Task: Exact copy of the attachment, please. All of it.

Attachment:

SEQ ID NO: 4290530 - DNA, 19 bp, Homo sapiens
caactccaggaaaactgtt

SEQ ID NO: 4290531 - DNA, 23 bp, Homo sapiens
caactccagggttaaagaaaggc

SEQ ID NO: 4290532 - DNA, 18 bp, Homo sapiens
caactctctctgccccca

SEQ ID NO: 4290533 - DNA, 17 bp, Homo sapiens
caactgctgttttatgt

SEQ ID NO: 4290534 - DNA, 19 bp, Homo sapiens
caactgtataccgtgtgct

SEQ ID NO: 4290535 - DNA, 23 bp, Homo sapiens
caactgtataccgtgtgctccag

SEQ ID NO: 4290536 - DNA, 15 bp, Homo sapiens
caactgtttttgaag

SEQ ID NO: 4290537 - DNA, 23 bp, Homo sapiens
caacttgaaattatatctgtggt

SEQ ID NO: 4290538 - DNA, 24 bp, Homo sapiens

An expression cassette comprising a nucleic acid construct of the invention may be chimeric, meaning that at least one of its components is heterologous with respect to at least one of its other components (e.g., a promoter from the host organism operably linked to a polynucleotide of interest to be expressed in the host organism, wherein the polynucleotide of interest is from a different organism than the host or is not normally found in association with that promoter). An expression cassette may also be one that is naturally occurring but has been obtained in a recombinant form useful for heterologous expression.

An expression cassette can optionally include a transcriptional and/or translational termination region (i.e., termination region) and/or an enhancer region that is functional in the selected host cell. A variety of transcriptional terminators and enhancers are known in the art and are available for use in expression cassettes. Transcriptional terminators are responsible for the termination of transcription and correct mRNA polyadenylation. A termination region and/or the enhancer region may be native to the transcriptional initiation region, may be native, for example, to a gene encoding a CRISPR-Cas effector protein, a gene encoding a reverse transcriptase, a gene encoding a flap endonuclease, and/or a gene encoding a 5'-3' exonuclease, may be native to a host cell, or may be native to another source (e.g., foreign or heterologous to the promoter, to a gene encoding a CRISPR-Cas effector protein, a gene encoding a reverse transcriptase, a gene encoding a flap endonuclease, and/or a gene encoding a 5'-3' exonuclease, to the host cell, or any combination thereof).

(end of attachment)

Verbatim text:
SEQ ID NO: 4290530 - DNA, 19 bp, Homo sapiens
caactccaggaaaactgtt

SEQ ID NO: 4290531 - DNA, 23 bp, Homo sapiens
caactccagggttaaagaaaggc

SEQ ID NO: 4290532 - DNA, 18 bp, Homo sapiens
caactctctctgccccca

SEQ ID NO: 4290533 - DNA, 17 bp, Homo sapiens
caactgctgttttatgt

SEQ ID NO: 4290534 - DNA, 19 bp, Homo sapiens
caactgtataccgtgtgct

SEQ ID NO: 4290535 - DNA, 23 bp, Homo sapiens
caactgtataccgtgtgctccag

SEQ ID NO: 4290536 - DNA, 15 bp, Homo sapiens
caactgtttttgaag

SEQ ID NO: 4290537 - DNA, 23 bp, Homo sapiens
caacttgaaattatatctgtggt

SEQ ID NO: 4290538 - DNA, 24 bp, Homo sapiens

An expression cassette comprising a nucleic acid construct of the invention may be chimeric, meaning that at least one of its components is heterologous with respect to at least one of its other components (e.g., a promoter from the host organism operably linked to a polynucleotide of interest to be expressed in the host organism, wherein the polynucleotide of interest is from a different organism than the host or is not normally found in association with that promoter). An expression cassette may also be one that is naturally occurring but has been obtained in a recombinant form useful for heterologous expression.

An expression cassette can optionally include a transcriptional and/or translational termination region (i.e., termination region) and/or an enhancer region that is functional in the selected host cell. A variety of transcriptional terminators and enhancers are known in the art and are available for use in expression cassettes. Transcriptional terminators are responsible for the termination of transcription and correct mRNA polyadenylation. A termination region and/or the enhancer region may be native to the transcriptional initiation region, may be native, for example, to a gene encoding a CRISPR-Cas effector protein, a gene encoding a reverse transcriptase, a gene encoding a flap endonuclease, and/or a gene encoding a 5'-3' exonuclease, may be native to a host cell, or may be native to another source (e.g., foreign or heterologous to the promoter, to a gene encoding a CRISPR-Cas effector protein, a gene encoding a reverse transcriptase, a gene encoding a flap endonuclease, and/or a gene encoding a 5'-3' exonuclease, to the host cell, or any combination thereof).